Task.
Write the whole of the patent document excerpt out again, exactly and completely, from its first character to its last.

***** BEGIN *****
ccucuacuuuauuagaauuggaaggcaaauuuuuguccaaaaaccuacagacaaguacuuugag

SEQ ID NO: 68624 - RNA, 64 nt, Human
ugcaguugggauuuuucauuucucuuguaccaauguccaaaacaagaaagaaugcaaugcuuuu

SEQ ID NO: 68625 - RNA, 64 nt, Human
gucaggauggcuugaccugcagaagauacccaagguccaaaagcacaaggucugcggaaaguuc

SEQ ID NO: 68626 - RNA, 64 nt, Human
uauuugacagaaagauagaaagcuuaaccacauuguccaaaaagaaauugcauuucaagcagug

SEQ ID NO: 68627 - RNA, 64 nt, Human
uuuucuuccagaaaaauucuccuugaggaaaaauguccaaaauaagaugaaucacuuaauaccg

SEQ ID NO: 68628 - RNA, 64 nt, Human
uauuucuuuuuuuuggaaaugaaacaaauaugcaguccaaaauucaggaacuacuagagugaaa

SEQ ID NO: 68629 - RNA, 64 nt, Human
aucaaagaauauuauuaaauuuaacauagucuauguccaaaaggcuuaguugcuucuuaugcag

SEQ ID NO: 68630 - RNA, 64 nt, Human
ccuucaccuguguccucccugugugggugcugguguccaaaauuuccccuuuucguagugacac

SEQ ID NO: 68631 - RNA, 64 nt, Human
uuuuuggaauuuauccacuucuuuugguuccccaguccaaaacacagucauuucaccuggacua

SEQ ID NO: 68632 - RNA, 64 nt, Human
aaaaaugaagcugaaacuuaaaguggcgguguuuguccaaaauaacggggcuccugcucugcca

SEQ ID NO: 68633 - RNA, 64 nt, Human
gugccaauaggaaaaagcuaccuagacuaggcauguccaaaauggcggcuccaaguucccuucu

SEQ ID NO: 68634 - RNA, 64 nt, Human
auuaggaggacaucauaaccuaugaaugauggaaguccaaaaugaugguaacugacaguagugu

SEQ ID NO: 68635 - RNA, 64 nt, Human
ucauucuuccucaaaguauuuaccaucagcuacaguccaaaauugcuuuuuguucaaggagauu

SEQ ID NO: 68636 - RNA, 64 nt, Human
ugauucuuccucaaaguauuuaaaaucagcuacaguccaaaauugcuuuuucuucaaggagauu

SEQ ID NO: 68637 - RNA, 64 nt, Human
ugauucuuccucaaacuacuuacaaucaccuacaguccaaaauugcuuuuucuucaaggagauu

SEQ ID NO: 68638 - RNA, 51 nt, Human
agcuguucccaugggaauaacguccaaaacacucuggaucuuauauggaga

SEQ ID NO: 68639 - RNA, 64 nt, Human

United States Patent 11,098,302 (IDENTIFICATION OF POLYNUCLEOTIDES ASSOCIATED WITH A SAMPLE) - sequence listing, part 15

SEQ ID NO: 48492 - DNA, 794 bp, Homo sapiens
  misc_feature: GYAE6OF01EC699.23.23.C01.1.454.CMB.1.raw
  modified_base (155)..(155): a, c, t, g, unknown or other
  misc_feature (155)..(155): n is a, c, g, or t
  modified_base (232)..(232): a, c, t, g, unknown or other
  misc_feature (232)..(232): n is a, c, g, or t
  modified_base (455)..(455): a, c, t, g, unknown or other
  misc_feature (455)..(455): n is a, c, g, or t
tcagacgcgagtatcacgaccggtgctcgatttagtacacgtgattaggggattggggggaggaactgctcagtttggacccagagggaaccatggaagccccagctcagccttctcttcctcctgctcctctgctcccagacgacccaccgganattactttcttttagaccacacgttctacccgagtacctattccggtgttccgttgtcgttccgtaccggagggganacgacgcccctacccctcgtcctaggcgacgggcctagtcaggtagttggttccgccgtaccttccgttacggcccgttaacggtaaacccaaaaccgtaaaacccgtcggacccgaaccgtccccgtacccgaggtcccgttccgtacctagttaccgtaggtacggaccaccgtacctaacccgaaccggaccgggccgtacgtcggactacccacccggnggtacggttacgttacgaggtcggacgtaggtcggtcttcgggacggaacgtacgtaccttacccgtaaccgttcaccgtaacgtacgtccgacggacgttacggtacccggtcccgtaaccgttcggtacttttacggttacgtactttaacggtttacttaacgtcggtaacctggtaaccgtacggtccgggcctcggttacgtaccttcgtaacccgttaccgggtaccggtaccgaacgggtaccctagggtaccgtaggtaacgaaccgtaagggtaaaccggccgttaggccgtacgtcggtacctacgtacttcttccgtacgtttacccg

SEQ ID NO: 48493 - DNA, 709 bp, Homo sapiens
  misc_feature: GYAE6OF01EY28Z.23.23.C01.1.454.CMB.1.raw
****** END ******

ccucuacuuuauuagaauuggaaggcaaauuuuuguccaaaaaccuacagacaaguacuuugag

SEQ ID NO: 68624 - RNA, 64 nt, Human
ugcaguugggauuuuucauuucucuuguaccaauguccaaaacaagaaagaaugcaaugcuuuu

SEQ ID NO: 68625 - RNA, 64 nt, Human
gucaggauggcuugaccugcagaagauacccaagguccaaaagcacaaggucugcggaaaguuc

SEQ ID NO: 68626 - RNA, 64 nt, Human
uauuugacagaaagauagaaagcuuaaccacauuguccaaaaagaaauugcauuucaagcagug

SEQ ID NO: 68627 - RNA, 64 nt, Human
uuuucuuccagaaaaauucuccuugaggaaaaauguccaaaauaagaugaaucacuuaauaccg

SEQ ID NO: 68628 - RNA, 64 nt, Human
uauuucuuuuuuuuggaaaugaaacaaauaugcaguccaaaauucaggaacuacuagagugaaa

SEQ ID NO: 68629 - RNA, 64 nt, Human
aucaaagaauauuauuaaauuuaacauagucuauguccaaaaggcuuaguugcuucuuaugcag

SEQ ID NO: 68630 - RNA, 64 nt, Human
ccuucaccuguguccucccugugugggugcugguguccaaaauuuccccuuuucguagugacac

SEQ ID NO: 68631 - RNA, 64 nt, Human
uuuuuggaauuuauccacuucuuuugguuccccaguccaaaacacagucauuucaccuggacua

SEQ ID NO: 68632 - RNA, 64 nt, Human
aaaaaugaagcugaaacuuaaaguggcgguguuuguccaaaauaacggggcuccugcucugcca

SEQ ID NO: 68633 - RNA, 64 nt, Human
gugccaauaggaaaaagcuaccuagacuaggcauguccaaaauggcggcuccaaguucccuucu

SEQ ID NO: 68634 - RNA, 64 nt, Human
auuaggaggacaucauaaccuaugaaugauggaaguccaaaaugaugguaacugacaguagugu

SEQ ID NO: 68635 - RNA, 64 nt, Human
ucauucuuccucaaaguauuuaccaucagcuacaguccaaaauugcuuuuuguucaaggagauu

SEQ ID NO: 68636 - RNA, 64 nt, Human
ugauucuuccucaaaguauuuaaaaucagcuacaguccaaaauugcuuuuucuucaaggagauu

SEQ ID NO: 68637 - RNA, 64 nt, Human
ugauucuuccucaaacuacuuacaaucaccuacaguccaaaauugcuuuuucuucaaggagauu

SEQ ID NO: 68638 - RNA, 51 nt, Human
agcuguucccaugggaauaacguccaaaacacucuggaucuuauauggaga

SEQ ID NO: 68639 - RNA, 64 nt, Human

United States Patent 11,098,302 (IDENTIFICATION OF POLYNUCLEOTIDES ASSOCIATED WITH A SAMPLE) - sequence listing, part 15

SEQ ID NO: 48492 - DNA, 794 bp, Homo sapiens
  misc_feature: GYAE6OF01EC699.23.23.C01.1.454.CMB.1.raw
  modified_base (155)..(155): a, c, t, g, unknown or other
  misc_feature (155)..(155): n is a, c, g, or t
  modified_base (232)..(232): a, c, t, g, unknown or other
  misc_feature (232)..(232): n is a, c, g, or t
  modified_base (455)..(455): a, c, t, g, unknown or other
  misc_feature (455)..(455): n is a, c, g, or t
tcagacgcgagtatcacgaccggtgctcgatttagtacacgtgattaggggattggggggaggaactgctcagtttggacccagagggaaccatggaagccccagctcagccttctcttcctcctgctcctctgctcccagacgacccaccgganattactttcttttagaccacacgttctacccgagtacctattccggtgttccgttgtcgttccgtaccggagggganacgacgcccctacccctcgtcctaggcgacgggcctagtcaggtagttggttccgccgtaccttccgttacggcccgttaacggtaaacccaaaaccgtaaaacccgtcggacccgaaccgtccccgtacccgaggtcccgttccgtacctagttaccgtaggtacggaccaccgtacctaacccgaaccggaccgggccgtacgtcggactacccacccggnggtacggttacgttacgaggtcggacgtaggtcggtcttcgggacggaacgtacgtaccttacccgtaaccgttcaccgtaacgtacgtccgacggacgttacggtacccggtcccgtaaccgttcggtacttttacggttacgtactttaacggtttacttaacgtcggtaacctggtaaccgtacggtccgggcctcggttacgtaccttcgtaacccgttaccgggtaccggtaccgaacgggtaccctagggtaccgtaggtaacgaaccgtaagggtaaaccggccgttaggccgtacgtcggtacctacgtacttcttccgtacgtttacccg

SEQ ID NO: 48493 - DNA, 709 bp, Homo sapiens
  misc_feature: GYAE6OF01EY28Z.23.23.C01.1.454.CMB.1.raw